The result of the first iteration is equal to : […[], …[1, 2, 3]] means it transforms to [1, 2, 3] — this value we provide as an ‘acc’ on the second iteration and so on.

const nested = [[1, 2, 3], [4, 5, 6], [7, 8, 9]];
let flat = nested.reduce((acc, it) => [...acc, ...it], []);

// flat is [1, 2, 3, 4, 5, 6, 7, 8, 9]

We can slightly improve this code by omitting an empty array[]as the second argument for reduce(). Then the first value of the nested will be used as the initial acc value. Thanks to Vladimir Efanov.

let flat = nested.reduce((acc, it) => [...acc, ...it]);

// flat is [1, 2, 3, 4, 5, 6, 7, 8, 9]

Note that using the spread operator inside a reduce is not great for performance. This example is a case when measuring performance makes sense for your use-case. ☝️

Thanks to Paweł Wolak, here is a shorter way without Array.reduce:

let flat = [].concat.apply([], nested);

Also Array.flat is coming, but it’s still an experimental feature.

6. Create an object that contains the frequency of the specified key

Let’s group and count the ‘age’ property for each item in the array:

const users = [
  { id: 11, name: 'Adam', age: 23, group: 'editor' },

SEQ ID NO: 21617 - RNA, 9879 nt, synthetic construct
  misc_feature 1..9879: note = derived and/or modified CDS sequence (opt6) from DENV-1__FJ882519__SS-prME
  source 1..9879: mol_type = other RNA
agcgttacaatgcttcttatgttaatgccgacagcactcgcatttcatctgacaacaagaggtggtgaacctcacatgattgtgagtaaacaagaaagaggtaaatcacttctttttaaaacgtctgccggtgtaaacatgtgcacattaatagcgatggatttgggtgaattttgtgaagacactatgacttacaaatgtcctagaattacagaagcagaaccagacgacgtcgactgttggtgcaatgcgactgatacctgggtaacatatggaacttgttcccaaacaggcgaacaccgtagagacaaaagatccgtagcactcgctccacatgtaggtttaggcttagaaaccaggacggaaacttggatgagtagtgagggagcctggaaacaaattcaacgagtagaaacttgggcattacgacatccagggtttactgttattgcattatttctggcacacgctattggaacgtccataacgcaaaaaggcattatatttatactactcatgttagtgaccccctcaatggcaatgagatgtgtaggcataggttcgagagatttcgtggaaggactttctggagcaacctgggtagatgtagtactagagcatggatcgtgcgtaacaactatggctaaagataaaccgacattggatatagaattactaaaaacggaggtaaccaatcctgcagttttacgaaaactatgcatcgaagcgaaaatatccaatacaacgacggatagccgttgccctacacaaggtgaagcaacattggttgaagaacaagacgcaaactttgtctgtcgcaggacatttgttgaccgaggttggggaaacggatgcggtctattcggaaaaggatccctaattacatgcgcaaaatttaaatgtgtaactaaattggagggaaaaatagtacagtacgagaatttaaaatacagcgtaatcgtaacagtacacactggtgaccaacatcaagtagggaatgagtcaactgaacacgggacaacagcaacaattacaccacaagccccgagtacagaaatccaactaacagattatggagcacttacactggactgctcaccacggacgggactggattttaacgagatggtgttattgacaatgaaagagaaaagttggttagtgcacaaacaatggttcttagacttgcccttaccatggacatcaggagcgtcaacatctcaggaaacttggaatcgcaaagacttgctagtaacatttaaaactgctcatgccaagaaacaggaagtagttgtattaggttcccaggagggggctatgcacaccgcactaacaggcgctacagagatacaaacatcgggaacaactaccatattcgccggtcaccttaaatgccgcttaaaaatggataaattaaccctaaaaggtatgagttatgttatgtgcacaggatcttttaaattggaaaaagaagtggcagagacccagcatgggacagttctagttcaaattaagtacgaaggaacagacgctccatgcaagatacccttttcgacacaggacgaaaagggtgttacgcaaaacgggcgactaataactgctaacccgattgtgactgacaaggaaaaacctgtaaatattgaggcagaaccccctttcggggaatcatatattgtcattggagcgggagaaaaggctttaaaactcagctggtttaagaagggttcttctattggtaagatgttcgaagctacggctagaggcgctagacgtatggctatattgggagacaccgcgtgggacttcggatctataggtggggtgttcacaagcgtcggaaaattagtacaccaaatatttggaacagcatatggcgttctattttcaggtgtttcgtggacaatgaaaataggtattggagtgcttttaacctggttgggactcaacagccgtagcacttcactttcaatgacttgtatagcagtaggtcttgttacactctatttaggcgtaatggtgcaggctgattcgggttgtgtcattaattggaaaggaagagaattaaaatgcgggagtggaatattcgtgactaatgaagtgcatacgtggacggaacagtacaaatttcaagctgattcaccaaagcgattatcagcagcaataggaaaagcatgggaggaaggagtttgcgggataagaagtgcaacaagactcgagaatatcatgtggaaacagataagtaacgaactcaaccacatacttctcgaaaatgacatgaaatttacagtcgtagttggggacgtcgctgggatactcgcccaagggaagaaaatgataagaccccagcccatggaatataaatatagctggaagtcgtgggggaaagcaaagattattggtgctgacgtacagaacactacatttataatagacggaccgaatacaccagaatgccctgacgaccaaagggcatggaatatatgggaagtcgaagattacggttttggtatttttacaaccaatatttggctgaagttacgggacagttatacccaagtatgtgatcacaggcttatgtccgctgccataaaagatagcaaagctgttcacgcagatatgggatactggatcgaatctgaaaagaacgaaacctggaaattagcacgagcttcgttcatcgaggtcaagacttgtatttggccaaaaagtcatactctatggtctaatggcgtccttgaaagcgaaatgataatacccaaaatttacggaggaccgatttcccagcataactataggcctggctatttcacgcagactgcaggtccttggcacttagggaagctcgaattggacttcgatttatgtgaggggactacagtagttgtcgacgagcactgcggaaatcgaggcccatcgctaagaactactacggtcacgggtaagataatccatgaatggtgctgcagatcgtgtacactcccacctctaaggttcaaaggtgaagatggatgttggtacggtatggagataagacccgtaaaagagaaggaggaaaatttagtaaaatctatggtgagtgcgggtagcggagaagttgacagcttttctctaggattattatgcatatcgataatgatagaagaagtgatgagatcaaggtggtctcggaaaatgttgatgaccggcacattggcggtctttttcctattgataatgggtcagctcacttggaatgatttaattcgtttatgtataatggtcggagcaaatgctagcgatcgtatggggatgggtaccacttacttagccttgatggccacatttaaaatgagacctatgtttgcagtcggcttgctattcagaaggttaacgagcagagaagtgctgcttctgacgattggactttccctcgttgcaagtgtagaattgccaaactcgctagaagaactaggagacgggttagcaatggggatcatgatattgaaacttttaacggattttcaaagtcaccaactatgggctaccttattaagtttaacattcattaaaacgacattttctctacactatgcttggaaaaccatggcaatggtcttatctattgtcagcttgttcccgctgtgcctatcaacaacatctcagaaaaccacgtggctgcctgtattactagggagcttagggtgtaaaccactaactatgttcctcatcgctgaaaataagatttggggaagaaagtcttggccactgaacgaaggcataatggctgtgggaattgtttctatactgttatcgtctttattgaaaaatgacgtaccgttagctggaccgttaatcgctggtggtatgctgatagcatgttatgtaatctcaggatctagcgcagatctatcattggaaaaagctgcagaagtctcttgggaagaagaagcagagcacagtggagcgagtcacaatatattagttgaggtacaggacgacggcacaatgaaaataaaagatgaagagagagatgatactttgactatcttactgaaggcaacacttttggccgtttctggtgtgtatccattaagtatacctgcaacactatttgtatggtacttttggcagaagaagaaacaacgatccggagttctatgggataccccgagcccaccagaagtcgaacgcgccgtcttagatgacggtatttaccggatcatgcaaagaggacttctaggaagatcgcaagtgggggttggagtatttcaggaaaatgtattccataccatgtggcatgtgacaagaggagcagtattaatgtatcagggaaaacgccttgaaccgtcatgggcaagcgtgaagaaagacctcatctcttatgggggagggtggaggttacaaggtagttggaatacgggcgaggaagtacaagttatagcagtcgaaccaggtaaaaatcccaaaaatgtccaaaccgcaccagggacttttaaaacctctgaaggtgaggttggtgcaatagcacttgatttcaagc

{ id: 47, name: 'John', age: 28, group: 'admin' },
  { id: 85, name: 'William', age: 34, group: 'editor' },
  { id: 97, name: 'Oliver', age: 28, group: 'admin' }
];

const groupByAge = users.reduce((acc, it) => {
  acc[it.age] = acc[it.age] + 1 || 1;
  return acc;
}, {});

// groupByAge is {23: 1, 28: 2, 34: 1}

Thanks to sai krishna for suggesting this one!

7. Indexing an array of objects (lookup table)

Instead of processing the whole array for finding a user by id, we can construct an object where the user’s id represents a key (with constant searching time).

const uTable = users.reduce((acc, it) => (acc[it.id] = it, acc), {})

// uTable equals:
{
  11: { id: 11, name: 'Adam', age: 23, group: 'editor' },
  47: { id: 47, name: 'John', age: 28, group: 'admin' },
  85: { id: 85, name: 'William', age: 34, group: 'editor' },
  97: { id: 97, name: 'Oliver', age: 28, group: 'admin' }
}